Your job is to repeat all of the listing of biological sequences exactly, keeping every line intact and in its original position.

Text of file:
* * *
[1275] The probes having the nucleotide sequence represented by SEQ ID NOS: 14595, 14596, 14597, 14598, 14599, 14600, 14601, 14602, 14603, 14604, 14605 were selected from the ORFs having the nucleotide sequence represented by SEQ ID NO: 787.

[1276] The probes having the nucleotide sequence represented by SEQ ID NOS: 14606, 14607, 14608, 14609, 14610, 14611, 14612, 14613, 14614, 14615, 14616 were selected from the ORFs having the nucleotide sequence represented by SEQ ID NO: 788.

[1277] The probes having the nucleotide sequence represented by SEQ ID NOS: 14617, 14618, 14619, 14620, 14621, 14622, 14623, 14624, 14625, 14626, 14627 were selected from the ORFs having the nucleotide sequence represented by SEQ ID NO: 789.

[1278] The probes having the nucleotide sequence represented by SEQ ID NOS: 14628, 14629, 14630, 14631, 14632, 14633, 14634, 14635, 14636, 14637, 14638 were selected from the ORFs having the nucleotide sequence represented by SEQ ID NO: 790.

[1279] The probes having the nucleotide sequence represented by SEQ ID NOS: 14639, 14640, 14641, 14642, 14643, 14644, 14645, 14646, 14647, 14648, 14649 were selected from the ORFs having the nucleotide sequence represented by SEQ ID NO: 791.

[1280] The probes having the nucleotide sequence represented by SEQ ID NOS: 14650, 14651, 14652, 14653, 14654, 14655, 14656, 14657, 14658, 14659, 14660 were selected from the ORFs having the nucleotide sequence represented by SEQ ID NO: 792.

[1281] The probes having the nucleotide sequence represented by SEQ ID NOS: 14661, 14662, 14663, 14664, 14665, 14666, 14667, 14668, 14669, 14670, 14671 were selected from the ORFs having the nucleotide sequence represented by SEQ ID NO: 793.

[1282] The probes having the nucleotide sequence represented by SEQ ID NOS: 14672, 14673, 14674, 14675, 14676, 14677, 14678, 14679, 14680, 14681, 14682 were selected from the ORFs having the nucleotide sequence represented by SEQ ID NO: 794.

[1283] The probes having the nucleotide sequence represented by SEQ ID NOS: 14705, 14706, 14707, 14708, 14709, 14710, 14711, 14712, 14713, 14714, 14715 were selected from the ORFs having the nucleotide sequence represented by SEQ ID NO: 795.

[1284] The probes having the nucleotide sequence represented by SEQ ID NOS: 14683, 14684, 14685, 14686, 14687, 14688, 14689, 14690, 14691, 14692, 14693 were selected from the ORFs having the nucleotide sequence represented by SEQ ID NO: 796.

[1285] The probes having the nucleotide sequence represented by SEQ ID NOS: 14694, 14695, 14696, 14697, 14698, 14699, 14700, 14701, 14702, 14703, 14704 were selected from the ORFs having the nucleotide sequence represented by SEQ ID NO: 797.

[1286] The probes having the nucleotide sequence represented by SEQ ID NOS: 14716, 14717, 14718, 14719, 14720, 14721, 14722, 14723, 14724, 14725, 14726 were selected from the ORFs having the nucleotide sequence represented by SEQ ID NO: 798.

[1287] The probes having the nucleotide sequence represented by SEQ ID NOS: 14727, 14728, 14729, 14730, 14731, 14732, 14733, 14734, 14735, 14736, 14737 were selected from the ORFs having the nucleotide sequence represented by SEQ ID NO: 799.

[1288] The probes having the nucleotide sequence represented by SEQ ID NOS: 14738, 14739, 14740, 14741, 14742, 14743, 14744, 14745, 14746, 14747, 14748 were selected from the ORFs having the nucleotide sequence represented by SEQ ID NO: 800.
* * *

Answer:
[1275] The probes having the nucleotide sequence represented by SEQ ID NOS: 14595, 14596, 14597, 14598, 14599, 14600, 14601, 14602, 14603, 14604, 14605 were selected from the ORFs having the nucleotide sequence represented by SEQ ID NO: 787.

[1276] The probes having the nucleotide sequence represented by SEQ ID NOS: 14606, 14607, 14608, 14609, 14610, 14611, 14612, 14613, 14614, 14615, 14616 were selected from the ORFs having the nucleotide sequence represented by SEQ ID NO: 788.

[1277] The probes having the nucleotide sequence represented by SEQ ID NOS: 14617, 14618, 14619, 14620, 14621, 14622, 14623, 14624, 14625, 14626, 14627 were selected from the ORFs having the nucleotide sequence represented by SEQ ID NO: 789.

[1278] The probes having the nucleotide sequence represented by SEQ ID NOS: 14628, 14629, 14630, 14631, 14632, 14633, 14634, 14635, 14636, 14637, 14638 were selected from the ORFs having the nucleotide sequence represented by SEQ ID NO: 790.

[1279] The probes having the nucleotide sequence represented by SEQ ID NOS: 14639, 14640, 14641, 14642, 14643, 14644, 14645, 14646, 14647, 14648, 14649 were selected from the ORFs having the nucleotide sequence represented by SEQ ID NO: 791.

[1280] The probes having the nucleotide sequence represented by SEQ ID NOS: 14650, 14651, 14652, 14653, 14654, 14655, 14656, 14657, 14658, 14659, 14660 were selected from the ORFs having the nucleotide sequence represented by SEQ ID NO: 792.

[1281] The probes having the nucleotide sequence represented by SEQ ID NOS: 14661, 14662, 14663, 14664, 14665, 14666, 14667, 14668, 14669, 14670, 14671 were selected from the ORFs having the nucleotide sequence represented by SEQ ID NO: 793.

[1282] The probes having the nucleotide sequence represented by SEQ ID NOS: 14672, 14673, 14674, 14675, 14676, 14677, 14678, 14679, 14680, 14681, 14682 were selected from the ORFs having the nucleotide sequence represented by SEQ ID NO: 794.

[1283] The probes having the nucleotide sequence represented by SEQ ID NOS: 14705, 14706, 14707, 14708, 14709, 14710, 14711, 14712, 14713, 14714, 14715 were selected from the ORFs having the nucleotide sequence represented by SEQ ID NO: 795.

[1284] The probes having the nucleotide sequence represented by SEQ ID NOS: 14683, 14684, 14685, 14686, 14687, 14688, 14689, 14690, 14691, 14692, 14693 were selected from the ORFs having the nucleotide sequence represented by SEQ ID NO: 796.

[1285] The probes having the nucleotide sequence represented by SEQ ID NOS: 14694, 14695, 14696, 14697, 14698, 14699, 14700, 14701, 14702, 14703, 14704 were selected from the ORFs having the nucleotide sequence represented by SEQ ID NO: 797.

[1286] The probes having the nucleotide sequence represented by SEQ ID NOS: 14716, 14717, 14718, 14719, 14720, 14721, 14722, 14723, 14724, 14725, 14726 were selected from the ORFs having the nucleotide sequence represented by SEQ ID NO: 798.

[1287] The probes having the nucleotide sequence represented by SEQ ID NOS: 14727, 14728, 14729, 14730, 14731, 14732, 14733, 14734, 14735, 14736, 14737 were selected from the ORFs having the nucleotide sequence represented by SEQ ID NO: 799.

[1288] The probes having the nucleotide sequence represented by SEQ ID NOS: 14738, 14739, 14740, 14741, 14742, 14743, 14744, 14745, 14746, 14747, 14748 were selected from the ORFs having the nucleotide sequence represented by SEQ ID NO: 800.